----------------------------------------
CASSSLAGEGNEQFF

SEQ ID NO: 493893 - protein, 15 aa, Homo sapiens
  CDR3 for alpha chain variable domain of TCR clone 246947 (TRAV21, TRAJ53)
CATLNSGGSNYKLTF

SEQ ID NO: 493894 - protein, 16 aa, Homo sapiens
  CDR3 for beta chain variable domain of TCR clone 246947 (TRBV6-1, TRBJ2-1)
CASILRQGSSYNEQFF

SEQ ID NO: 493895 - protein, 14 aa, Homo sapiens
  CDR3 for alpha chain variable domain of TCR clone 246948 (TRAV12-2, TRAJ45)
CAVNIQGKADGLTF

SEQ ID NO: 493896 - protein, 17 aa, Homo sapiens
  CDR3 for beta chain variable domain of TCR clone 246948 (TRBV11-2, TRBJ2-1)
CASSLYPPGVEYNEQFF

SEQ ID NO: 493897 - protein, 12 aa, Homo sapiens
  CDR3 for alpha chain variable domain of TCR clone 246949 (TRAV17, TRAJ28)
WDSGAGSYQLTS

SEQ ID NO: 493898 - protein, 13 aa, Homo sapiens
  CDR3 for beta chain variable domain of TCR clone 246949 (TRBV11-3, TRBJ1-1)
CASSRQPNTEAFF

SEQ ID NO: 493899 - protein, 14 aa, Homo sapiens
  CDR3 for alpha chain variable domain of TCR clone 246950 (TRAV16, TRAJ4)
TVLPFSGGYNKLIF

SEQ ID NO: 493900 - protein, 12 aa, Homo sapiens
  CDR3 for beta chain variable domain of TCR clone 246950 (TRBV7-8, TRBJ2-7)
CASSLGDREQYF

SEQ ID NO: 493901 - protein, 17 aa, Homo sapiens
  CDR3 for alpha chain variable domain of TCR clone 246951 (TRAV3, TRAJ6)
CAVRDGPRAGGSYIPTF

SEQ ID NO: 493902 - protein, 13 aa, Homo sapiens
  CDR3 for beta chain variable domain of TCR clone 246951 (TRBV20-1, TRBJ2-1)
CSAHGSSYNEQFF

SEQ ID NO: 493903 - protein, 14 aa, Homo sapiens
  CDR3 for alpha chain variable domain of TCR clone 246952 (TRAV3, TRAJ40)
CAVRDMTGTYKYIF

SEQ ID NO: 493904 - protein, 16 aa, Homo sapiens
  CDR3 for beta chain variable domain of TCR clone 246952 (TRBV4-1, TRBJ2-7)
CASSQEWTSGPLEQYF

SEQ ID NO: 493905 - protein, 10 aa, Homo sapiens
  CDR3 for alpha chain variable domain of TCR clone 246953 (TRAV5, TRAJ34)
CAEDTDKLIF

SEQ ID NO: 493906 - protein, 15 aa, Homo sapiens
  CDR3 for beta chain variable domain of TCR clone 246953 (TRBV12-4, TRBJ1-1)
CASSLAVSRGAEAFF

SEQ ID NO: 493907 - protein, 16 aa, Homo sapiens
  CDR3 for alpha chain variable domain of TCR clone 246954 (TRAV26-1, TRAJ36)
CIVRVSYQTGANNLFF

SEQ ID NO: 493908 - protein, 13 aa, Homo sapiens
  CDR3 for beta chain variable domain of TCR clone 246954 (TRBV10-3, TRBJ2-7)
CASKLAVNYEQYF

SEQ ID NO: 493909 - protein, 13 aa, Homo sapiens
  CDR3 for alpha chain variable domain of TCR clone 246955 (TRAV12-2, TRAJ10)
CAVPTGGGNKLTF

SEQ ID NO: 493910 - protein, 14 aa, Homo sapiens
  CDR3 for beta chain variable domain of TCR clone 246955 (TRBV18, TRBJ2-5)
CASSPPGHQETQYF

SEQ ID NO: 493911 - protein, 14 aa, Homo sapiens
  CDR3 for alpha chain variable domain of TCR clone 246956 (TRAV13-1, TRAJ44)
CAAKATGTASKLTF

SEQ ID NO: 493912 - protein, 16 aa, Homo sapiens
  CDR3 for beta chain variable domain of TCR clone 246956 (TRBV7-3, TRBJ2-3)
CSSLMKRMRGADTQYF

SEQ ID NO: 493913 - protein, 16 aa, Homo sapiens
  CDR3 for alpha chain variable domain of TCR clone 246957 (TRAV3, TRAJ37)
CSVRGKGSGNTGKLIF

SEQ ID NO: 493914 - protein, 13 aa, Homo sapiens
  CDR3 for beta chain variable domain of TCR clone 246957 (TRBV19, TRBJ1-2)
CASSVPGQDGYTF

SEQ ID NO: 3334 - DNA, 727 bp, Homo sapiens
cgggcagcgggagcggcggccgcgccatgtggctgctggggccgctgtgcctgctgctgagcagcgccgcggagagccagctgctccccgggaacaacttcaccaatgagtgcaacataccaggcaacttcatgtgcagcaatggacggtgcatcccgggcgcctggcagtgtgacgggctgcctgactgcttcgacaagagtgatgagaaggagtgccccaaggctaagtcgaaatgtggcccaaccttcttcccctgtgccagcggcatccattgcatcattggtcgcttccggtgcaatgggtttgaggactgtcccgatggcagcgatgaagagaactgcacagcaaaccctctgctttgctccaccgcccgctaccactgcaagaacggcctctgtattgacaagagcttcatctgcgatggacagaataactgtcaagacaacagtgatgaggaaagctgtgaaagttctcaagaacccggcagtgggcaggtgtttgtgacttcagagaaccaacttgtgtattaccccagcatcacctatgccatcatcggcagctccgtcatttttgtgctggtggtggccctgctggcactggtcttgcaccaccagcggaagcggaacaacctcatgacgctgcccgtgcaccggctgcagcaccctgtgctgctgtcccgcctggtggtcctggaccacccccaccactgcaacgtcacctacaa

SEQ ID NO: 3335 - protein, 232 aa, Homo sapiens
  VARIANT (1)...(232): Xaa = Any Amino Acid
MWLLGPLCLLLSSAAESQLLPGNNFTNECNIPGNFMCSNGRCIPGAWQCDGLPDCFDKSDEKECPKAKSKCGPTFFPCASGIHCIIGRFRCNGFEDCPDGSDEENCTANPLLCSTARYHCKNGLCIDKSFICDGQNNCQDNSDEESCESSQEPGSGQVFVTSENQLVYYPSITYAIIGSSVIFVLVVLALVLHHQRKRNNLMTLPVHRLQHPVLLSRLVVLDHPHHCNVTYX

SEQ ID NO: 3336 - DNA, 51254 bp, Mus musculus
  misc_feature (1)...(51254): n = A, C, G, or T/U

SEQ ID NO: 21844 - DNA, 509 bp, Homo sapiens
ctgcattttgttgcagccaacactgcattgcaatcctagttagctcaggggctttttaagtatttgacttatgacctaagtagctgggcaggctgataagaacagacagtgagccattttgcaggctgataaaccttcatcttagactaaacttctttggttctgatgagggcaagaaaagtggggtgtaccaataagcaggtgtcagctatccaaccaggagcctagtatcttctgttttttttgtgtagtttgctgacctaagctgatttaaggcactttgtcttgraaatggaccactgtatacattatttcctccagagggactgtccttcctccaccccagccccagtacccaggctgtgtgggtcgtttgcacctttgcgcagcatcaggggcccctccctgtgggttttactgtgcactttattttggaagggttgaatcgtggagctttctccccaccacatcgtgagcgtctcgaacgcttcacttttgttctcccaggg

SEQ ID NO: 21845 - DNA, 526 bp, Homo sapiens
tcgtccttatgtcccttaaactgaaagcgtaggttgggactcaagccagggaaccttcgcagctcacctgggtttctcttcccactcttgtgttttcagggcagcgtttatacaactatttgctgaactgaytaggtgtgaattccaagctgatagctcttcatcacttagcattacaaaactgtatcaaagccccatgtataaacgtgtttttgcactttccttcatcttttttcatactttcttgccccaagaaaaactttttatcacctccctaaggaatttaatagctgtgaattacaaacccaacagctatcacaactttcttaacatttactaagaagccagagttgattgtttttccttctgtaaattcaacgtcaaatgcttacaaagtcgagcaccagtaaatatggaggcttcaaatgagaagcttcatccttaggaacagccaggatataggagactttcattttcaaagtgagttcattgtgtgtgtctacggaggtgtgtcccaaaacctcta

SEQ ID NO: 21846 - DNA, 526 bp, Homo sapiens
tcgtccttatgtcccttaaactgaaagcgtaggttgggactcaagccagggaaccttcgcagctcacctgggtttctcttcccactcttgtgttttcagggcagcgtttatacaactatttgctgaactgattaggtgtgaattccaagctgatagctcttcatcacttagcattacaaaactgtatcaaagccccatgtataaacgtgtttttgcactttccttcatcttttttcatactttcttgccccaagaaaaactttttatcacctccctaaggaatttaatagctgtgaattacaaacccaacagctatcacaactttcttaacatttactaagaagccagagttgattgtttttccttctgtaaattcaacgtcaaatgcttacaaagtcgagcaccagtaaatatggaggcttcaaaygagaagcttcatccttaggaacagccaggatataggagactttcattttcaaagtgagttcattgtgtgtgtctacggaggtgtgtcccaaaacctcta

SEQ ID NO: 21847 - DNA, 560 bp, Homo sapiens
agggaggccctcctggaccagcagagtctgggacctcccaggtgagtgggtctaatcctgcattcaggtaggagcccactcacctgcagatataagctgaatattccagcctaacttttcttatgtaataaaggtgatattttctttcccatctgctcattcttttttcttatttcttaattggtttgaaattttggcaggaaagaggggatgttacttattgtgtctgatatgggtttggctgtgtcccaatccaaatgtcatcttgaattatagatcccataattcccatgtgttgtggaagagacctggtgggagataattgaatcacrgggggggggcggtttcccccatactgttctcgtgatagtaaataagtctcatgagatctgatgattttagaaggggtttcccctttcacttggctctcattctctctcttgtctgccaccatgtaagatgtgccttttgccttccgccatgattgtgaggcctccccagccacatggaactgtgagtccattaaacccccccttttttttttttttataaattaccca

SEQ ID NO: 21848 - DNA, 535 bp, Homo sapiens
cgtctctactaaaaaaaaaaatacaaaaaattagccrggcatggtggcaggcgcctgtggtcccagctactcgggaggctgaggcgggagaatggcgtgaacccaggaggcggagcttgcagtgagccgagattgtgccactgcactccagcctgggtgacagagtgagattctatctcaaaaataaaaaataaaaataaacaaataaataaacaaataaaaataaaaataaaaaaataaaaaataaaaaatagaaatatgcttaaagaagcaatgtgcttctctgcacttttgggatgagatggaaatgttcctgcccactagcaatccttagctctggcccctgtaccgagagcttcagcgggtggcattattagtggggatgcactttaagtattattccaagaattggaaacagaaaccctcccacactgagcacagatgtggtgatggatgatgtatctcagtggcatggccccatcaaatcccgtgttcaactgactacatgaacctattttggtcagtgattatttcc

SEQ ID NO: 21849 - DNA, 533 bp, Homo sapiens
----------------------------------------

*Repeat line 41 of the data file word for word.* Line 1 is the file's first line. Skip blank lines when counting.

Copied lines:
SEQ ID NO: 493906 - protein, 15 aa, Homo sapiens